Jade Jones has history in her sights as she blocks out Tokyo speculation

·4-min read

Taekwondo star Jade Jones says her burning desire for a place in the Olympic history books is drowning out any negativity and uncertainty surrounding the forthcoming Tokyo Games.

Welsh fighter Jones will travel to the Japanese capital seeking an unprecedented third gold medal in the sport following triumphs at London 2012 and Rio in 2016.

The 28-year-old has previously admitted that constant speculation around the rescheduled event, which was pushed back a year due to the ongoing coronavirus pandemic, caused her to feel demotivated.

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But, while there has been growing opposition to the Games in the host country due to the impact of Covid-19, Jones is blocking out the background noise and is fully focused on once again doing the business in the -57kg division.

“I don’t think I’ve ever said it’s going to be rubbish but obviously it’s going to be different,” she said.

“I’m used to all of my family being there and I’m a big-game player; I like the crowd, I like that energy to get me to that next level.

“We’re just so lucky that the Olympics will be on, so we’ve just got to take that.

“The fact I want to win gold that much that (any organisational issues) will be put to the back of my head and now I am just thinking of bringing that gold home and enjoying it after the Games.”

Jade Jones won her first Olympic gold at London 2012 at the age of 19
Jade Jones won her first Olympic gold at London 2012 at the age of 19 (Julien Behal/PA)

Jones has been included in a five-person squad, alongside world champions Bianca Walkden and Bradly Sinden, as well as Mahama Cho and Lauren Williams.

She has already completed a clean sweep of major taekwondo titles across her career, having finally ended her World Championship hoodoo by winning in Manchester two years ago.

The number one seed is proud of previous successes but eager to continue her dominance and add to a crowded trophy cabinet.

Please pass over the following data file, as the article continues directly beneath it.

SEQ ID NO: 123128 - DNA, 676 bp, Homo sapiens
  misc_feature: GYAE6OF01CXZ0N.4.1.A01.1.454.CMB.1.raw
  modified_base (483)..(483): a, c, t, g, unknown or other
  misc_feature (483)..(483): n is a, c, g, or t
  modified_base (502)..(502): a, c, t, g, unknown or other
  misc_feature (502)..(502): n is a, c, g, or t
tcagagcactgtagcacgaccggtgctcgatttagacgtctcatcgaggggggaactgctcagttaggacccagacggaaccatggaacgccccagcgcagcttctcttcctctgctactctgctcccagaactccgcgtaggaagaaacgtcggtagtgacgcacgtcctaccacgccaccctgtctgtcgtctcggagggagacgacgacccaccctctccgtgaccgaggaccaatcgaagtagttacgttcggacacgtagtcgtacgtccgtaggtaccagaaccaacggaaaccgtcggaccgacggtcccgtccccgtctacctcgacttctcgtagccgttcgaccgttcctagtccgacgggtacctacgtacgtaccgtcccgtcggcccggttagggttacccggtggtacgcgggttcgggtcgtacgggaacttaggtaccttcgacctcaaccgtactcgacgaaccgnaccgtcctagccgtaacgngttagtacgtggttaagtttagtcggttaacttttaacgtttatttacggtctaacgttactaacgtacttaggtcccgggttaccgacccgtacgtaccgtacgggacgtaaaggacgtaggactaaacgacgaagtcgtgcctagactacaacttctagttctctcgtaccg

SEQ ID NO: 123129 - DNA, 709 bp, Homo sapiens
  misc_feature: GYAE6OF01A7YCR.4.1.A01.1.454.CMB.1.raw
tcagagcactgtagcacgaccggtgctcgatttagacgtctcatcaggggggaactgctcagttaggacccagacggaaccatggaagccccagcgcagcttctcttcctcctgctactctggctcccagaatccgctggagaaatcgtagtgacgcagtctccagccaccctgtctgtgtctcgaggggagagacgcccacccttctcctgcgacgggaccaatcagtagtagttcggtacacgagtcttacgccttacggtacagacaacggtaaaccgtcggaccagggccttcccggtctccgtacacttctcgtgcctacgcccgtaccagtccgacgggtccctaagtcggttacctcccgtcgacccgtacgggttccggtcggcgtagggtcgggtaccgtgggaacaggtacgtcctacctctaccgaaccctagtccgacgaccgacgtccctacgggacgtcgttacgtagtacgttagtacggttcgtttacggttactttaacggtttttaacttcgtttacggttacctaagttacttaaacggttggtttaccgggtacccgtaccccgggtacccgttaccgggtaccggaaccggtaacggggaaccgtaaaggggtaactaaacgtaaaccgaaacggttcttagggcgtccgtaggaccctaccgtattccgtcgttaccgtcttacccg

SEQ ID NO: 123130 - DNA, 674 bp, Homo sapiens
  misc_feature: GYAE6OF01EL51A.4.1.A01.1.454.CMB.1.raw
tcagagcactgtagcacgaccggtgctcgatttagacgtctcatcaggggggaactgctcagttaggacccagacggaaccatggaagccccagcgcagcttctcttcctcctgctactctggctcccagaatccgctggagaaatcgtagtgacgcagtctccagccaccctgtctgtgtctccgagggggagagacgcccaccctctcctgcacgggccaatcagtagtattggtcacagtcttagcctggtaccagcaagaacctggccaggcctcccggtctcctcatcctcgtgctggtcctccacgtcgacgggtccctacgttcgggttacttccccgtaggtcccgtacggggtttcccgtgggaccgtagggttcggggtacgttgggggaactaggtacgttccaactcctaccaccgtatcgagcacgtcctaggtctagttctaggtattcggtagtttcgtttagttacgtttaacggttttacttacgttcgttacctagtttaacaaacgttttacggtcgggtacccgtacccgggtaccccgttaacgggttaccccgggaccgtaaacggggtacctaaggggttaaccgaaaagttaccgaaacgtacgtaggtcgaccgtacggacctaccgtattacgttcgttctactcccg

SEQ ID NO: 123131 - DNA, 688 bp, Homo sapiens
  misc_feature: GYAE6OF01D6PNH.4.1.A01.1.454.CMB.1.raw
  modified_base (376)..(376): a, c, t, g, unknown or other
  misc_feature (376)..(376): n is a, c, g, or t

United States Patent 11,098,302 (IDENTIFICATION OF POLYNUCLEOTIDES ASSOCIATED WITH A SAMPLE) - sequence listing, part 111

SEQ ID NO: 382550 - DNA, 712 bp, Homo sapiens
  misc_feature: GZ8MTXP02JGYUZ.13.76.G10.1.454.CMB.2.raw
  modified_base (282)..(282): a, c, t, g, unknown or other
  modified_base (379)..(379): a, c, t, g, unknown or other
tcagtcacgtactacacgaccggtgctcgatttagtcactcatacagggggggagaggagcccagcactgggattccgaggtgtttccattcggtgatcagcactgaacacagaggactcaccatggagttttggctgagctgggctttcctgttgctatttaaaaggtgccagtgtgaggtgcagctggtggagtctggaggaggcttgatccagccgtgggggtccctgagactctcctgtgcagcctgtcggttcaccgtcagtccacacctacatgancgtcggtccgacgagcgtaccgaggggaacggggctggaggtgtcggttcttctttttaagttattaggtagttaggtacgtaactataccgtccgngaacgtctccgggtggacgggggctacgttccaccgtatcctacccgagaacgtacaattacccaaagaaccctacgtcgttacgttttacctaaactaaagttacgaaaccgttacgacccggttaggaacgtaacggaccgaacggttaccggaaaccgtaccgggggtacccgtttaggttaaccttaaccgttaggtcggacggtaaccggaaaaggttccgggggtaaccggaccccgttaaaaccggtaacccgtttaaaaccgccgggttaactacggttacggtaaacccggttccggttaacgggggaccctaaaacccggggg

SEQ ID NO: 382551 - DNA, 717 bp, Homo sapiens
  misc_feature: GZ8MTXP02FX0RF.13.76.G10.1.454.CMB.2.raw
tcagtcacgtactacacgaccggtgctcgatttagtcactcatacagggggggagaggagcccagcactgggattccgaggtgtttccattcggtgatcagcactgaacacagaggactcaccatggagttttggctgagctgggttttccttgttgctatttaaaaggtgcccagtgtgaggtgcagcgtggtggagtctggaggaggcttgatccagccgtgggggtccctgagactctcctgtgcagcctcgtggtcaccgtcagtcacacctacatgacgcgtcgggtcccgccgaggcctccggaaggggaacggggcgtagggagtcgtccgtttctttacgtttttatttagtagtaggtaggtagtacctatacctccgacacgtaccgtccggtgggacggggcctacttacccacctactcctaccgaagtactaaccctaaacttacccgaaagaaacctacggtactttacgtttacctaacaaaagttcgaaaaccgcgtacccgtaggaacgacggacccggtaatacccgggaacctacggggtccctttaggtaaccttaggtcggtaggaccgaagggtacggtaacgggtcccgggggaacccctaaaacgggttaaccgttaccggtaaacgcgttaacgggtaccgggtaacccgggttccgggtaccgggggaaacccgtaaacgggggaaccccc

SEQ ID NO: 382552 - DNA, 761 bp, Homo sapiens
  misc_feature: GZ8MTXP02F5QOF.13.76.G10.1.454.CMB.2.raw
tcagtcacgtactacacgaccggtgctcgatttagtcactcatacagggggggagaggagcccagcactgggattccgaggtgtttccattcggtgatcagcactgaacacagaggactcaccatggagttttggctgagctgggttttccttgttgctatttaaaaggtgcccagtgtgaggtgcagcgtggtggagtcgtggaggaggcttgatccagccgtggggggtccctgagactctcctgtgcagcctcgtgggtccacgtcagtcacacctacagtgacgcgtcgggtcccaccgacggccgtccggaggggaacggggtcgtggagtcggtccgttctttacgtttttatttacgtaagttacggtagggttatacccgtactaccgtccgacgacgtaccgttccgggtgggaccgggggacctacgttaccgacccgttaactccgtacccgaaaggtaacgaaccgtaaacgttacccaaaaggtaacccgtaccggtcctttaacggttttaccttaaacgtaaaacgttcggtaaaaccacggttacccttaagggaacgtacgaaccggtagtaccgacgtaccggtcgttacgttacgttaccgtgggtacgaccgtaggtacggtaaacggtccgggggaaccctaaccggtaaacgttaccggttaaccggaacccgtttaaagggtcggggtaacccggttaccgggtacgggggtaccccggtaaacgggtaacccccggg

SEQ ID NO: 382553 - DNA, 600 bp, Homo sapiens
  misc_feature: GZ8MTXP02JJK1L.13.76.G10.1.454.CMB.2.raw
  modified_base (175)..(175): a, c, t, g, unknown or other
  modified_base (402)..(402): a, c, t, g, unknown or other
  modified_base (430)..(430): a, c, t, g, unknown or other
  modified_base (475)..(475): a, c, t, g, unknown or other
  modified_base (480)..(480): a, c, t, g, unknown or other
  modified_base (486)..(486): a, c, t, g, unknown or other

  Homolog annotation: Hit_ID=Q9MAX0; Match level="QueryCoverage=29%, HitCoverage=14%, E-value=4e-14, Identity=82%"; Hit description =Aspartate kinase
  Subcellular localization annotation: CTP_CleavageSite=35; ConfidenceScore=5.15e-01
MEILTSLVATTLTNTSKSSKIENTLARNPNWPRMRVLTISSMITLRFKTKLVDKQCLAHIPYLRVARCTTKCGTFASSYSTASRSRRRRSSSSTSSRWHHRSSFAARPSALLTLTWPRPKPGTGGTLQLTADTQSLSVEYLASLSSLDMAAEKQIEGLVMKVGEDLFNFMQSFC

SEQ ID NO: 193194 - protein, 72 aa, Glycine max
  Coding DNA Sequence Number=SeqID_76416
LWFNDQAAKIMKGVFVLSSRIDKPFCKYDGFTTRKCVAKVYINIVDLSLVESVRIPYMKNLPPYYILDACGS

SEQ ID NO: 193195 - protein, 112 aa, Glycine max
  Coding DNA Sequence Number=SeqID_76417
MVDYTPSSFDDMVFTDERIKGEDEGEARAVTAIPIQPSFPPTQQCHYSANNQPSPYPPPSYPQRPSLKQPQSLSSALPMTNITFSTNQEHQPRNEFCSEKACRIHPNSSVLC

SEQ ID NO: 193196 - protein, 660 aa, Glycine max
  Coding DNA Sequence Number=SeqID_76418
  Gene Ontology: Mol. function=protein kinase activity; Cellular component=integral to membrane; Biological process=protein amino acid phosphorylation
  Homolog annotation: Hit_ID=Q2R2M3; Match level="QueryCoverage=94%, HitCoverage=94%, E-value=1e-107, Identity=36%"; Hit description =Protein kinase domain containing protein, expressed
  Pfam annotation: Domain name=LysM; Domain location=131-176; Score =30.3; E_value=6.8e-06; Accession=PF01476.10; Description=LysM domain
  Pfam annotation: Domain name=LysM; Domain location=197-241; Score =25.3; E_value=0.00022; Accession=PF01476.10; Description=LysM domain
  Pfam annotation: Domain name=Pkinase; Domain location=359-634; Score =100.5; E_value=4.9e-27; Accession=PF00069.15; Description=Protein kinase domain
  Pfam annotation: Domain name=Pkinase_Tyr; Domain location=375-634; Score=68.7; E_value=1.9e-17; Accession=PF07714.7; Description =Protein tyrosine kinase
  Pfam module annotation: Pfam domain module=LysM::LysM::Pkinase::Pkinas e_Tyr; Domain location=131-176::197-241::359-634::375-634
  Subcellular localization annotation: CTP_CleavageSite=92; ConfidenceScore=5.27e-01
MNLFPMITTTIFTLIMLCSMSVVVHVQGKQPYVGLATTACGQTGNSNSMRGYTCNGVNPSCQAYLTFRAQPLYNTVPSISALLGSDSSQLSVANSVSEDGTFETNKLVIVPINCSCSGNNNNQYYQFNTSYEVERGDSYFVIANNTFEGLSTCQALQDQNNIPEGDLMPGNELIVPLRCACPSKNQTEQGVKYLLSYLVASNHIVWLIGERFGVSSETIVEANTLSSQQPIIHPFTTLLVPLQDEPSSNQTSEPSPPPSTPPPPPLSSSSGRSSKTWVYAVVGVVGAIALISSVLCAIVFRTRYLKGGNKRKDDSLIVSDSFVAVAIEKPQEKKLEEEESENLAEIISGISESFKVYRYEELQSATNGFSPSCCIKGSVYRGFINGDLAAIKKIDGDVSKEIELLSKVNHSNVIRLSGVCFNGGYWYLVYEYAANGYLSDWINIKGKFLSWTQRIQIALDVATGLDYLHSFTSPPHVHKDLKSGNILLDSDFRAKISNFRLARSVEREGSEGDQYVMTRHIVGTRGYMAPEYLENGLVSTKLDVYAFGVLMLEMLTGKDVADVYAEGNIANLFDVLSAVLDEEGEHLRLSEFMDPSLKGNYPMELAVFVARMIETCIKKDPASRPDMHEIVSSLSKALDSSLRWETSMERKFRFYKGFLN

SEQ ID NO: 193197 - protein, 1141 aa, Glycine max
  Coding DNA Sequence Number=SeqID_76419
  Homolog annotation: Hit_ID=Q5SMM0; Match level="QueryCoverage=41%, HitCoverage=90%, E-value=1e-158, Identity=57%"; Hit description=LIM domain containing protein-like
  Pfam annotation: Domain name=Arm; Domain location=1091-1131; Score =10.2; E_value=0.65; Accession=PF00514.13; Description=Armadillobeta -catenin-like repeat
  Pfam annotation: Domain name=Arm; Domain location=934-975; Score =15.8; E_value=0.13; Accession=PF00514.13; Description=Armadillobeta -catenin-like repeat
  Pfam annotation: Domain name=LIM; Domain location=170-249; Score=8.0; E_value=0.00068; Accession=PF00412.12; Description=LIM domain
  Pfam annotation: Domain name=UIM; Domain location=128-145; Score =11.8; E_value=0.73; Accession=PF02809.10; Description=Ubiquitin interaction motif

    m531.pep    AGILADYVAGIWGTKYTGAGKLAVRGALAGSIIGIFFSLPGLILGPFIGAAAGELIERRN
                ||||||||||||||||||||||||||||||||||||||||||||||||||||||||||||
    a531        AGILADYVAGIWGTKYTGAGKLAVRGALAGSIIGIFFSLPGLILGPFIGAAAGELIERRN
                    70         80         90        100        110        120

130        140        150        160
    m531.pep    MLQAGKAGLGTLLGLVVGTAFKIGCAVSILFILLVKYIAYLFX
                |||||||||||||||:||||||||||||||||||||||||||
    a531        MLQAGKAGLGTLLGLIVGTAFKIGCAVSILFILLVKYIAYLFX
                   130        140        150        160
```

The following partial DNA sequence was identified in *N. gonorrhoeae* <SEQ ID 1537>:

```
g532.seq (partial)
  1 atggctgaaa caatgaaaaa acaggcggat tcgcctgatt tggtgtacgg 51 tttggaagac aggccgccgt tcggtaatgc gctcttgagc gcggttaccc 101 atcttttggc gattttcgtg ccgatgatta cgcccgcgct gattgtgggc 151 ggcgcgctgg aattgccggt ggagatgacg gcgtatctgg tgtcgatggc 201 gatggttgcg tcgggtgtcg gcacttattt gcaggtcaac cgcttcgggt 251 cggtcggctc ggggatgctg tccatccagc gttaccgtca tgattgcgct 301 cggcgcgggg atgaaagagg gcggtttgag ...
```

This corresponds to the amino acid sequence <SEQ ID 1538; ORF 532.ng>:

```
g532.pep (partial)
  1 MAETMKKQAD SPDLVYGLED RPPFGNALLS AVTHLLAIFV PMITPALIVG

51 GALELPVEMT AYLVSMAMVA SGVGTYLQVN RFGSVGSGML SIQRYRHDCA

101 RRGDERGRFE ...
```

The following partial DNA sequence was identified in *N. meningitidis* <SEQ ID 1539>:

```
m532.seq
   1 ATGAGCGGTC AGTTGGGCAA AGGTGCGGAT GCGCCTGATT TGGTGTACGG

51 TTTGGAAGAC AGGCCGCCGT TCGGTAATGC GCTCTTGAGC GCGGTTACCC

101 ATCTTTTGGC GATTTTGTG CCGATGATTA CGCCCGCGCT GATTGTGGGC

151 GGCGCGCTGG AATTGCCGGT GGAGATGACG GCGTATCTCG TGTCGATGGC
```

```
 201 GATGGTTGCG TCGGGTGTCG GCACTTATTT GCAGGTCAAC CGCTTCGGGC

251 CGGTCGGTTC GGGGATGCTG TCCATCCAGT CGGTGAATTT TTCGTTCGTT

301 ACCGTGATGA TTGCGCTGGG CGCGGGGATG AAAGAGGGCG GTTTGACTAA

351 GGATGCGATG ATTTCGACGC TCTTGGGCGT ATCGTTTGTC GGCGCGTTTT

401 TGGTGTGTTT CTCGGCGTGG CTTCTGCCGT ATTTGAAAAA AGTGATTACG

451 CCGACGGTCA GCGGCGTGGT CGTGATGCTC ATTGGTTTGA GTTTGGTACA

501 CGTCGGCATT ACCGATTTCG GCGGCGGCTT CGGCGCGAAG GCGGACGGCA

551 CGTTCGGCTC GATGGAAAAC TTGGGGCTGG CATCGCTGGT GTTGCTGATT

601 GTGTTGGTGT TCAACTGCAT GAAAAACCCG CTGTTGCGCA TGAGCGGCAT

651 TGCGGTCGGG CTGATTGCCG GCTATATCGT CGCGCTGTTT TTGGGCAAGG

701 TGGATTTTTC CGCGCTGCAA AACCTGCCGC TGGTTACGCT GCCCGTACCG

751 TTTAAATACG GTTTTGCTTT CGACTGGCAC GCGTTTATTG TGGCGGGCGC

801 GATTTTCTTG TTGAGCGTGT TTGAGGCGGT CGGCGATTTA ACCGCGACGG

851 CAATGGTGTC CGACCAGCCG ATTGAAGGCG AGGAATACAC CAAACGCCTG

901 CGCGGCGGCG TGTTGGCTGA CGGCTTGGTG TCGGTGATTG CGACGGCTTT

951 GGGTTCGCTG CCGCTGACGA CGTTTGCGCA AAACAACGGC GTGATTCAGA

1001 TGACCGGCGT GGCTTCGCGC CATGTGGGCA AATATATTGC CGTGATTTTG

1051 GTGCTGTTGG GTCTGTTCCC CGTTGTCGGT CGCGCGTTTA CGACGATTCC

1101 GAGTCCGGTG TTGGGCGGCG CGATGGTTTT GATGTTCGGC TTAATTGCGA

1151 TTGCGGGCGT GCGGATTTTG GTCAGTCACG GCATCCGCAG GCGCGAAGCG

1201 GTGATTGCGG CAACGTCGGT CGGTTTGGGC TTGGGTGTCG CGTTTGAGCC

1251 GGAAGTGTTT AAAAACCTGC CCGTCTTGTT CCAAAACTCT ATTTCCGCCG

“You always want more. I’ve had them (her two Olympic golds) in the bag for ages so now I want to win this one,” she said.

“But at least I’ve ticked everything off.

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“I will give it everything I’ve got to get this third gold and then I’ve just got to be proud of myself then because I couldn’t have done any more. What will be will be.”

The quintet of Jones, Walkden (+67kg), Sinden (-68kg), Williams (-67kg) and Cho (+80kg) is Britain’s largest taekwondo team at an Olympics, surpassing the previous record of four competitors at London 2012 and Rio 2016.

Team GB performance director Gary Hall believes each of the five athletes is capable of gold and has set a target of “two to three” medals overall.

Achieving that objective would demonstrate consistency in the sport following two medals in 2012 and three in 2016, spearheaded by Jones’ successive golds.

“We hope that that medal run will continue; we have no reason to believe it won’t continue,” said Hall.

“We have the biggest team we’ve ever put in but also the most talented team we’ve ever put in.

“We know we want two to three. But there are a lot of circumstances that we are managing around that you never can say.

“The (individual) athlete has a target and they regularly go around with the mantra: ‘It’s only about gold’. And it is only about gold when you get to this stage.

“That’s what we are going for and we believe every single one of these athletes – and I say this with complete confidence – is capable of winning an Olympic gold medal.”

The choice for the men’s heavyweight place had been heavily debated.

Lutalo Muhammad will not be appearing at a third successive Olympics
Lutalo Muhammad will not be appearing at a third successive Olympics (Martin Rickett/PA)

Lutalo Muhammad, who won bronze at London 2012 and silver at Rio 2016, stepped up from -80kg to the +80kg category in 2018 but, following a series of injury problems, missed out to former world silver medallist Cho.

“Lutalo is a world-class athlete and having got medal success at both of his previous Games he was really hopeful to get a third,” said Hall.

“He’s tried his best, he’s got up the rankings but not got high enough to allow us to select him because you’ve got to be in the top 20 in the world and he didn’t quite make that.

“He’s still there (as a) reserve, should anything happen to Cho. I absolutely would love to have him in the team but you’ve got two very, very good athletes in that category and Cho gets it this time around.”

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